05 February 2013

Literary Skiers 19

The morning I woke up, Metaphor was laying next to Dellwood's fire bed, frozen.

I saddled up Abraham Lincoln and Killdeer and started riding. No tracks to follow, I rode north and west. Rode with the firewater brandy, rode into the Craters of the Moon. Lava rock, snow and ice, slabs of Indian warriors, wind.

Rode in circles. Kept going. Going where I didn't know. Ten more feet. One step at a time.

I pulled my hat down and covered my face with the scarf I'd made two holes in, and wore the blind man's glasses. Yellow snow--a world of yellow snow.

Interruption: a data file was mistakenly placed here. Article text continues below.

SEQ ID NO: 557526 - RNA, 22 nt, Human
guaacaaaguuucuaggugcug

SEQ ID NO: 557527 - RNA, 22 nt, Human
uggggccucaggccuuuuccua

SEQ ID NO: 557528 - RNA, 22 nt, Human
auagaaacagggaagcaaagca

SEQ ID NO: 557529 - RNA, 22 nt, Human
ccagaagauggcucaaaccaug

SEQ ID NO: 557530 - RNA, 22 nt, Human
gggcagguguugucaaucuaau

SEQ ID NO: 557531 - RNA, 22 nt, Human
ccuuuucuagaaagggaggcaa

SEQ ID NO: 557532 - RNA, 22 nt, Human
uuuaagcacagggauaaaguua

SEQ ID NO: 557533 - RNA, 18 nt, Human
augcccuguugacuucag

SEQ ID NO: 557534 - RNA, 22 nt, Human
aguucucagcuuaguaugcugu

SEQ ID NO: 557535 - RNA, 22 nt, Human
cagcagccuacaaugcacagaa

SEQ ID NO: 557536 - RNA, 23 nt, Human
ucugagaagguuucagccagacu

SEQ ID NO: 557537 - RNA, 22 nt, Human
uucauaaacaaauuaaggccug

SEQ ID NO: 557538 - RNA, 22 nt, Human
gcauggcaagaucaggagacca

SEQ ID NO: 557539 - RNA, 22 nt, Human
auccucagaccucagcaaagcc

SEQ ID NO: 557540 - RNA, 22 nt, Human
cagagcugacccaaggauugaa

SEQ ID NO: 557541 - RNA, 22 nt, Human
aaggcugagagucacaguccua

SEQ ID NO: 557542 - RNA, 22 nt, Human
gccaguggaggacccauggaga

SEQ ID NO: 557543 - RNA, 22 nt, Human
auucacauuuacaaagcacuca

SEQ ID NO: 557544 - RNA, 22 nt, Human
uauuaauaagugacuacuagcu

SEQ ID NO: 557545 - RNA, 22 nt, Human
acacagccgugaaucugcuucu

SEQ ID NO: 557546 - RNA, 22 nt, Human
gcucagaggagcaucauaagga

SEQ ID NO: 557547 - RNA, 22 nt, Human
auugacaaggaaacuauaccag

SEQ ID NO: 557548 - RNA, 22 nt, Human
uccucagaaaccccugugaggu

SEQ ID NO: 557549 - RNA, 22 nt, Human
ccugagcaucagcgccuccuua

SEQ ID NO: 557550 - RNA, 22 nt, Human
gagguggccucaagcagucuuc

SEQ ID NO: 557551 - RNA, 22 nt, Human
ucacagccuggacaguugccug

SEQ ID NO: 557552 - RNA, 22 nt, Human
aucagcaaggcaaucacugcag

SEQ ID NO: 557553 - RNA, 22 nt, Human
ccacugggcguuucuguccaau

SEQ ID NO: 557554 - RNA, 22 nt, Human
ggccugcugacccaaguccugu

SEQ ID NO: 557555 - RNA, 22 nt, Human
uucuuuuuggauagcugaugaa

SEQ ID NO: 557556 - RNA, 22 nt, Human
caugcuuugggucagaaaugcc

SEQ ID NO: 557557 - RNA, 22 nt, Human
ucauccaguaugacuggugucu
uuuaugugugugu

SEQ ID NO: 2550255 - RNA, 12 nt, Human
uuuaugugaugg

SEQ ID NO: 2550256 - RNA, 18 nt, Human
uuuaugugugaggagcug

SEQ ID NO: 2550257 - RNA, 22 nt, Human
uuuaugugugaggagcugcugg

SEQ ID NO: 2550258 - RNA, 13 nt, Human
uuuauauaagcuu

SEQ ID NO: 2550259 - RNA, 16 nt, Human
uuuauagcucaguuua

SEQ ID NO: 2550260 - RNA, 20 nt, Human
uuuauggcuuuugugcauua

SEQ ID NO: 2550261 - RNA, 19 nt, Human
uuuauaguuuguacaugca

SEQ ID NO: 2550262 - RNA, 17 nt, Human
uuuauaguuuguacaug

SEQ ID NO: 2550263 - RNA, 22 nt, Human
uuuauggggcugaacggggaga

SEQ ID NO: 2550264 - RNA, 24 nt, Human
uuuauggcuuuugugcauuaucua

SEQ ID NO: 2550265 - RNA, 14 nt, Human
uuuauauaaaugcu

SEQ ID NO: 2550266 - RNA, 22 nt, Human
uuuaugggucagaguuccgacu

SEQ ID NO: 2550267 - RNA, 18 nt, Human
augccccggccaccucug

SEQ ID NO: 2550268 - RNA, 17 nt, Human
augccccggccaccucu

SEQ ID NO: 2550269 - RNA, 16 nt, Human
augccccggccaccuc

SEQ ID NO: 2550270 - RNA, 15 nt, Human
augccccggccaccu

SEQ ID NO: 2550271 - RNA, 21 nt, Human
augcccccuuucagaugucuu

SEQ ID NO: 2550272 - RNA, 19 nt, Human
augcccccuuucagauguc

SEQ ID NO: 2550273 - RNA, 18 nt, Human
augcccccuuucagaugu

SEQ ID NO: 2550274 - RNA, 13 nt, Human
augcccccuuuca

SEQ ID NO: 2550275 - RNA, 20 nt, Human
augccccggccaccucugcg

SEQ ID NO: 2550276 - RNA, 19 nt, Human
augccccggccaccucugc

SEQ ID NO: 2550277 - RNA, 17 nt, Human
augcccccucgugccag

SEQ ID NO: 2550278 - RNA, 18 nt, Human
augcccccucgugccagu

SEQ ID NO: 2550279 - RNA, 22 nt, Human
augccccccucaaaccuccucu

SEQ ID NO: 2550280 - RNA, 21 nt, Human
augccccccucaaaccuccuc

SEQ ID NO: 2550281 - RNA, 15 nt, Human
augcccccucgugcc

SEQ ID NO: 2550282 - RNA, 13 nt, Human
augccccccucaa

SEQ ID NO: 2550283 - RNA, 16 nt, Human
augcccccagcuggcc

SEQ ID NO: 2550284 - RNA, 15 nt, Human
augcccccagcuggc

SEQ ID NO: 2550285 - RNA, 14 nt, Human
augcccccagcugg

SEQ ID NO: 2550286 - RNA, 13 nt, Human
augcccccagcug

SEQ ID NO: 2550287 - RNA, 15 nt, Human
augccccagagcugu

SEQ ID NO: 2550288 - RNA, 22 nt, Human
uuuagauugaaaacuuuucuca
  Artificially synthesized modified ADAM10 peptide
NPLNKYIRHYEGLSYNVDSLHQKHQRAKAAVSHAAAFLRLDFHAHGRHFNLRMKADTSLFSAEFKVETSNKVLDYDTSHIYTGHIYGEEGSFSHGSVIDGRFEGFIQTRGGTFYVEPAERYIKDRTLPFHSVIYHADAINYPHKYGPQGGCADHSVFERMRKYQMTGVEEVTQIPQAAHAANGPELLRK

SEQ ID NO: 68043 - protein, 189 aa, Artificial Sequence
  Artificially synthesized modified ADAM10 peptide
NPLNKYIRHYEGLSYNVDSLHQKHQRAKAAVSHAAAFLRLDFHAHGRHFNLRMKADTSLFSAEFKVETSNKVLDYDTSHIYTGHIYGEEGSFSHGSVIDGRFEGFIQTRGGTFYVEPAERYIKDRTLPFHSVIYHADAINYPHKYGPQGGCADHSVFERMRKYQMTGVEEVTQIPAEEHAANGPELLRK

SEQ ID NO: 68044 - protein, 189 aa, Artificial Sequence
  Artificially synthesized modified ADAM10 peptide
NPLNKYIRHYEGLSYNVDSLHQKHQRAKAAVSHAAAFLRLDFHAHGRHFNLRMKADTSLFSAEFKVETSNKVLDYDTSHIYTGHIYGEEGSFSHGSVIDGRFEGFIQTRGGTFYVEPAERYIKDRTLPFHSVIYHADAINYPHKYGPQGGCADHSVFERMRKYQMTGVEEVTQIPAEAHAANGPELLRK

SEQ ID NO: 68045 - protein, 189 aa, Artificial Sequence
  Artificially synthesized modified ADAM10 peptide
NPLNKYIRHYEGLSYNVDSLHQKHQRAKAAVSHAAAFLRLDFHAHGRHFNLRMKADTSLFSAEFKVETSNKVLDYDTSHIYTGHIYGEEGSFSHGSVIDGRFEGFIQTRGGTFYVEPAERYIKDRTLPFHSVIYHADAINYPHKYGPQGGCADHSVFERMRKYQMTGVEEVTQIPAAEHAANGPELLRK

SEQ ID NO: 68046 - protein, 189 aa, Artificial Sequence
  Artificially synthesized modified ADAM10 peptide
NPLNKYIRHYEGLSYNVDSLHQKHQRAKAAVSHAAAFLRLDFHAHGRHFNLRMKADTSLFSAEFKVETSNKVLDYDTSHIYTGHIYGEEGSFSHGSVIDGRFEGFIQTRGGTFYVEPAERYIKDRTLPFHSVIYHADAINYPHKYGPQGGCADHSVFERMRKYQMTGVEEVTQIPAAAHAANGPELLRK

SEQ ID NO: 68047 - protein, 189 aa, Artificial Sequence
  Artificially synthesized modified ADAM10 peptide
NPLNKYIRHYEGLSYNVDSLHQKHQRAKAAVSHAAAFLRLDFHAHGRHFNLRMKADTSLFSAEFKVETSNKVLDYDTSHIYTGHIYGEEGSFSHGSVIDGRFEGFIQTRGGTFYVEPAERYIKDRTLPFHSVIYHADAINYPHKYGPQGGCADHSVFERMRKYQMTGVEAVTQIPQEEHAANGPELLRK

Mountain peaks growing into other mountain peaks. The crooked trail not a trail at all except that we were following it, sometimes the path no wider than Killdeer and Abraham Lincoln, my feet sticking out over the forever blizzard going down.

Nights by the fire, red-under-black embers at my head, moon at my eyes. I did not close my eyes. Did not open them.

No single intention.

No Dellwood's shiny dime.

My errant knight.

My little pip.

My brave hero.

--Tom Spanbauer, from The Man Who Fell in Love with the Moon, 1991

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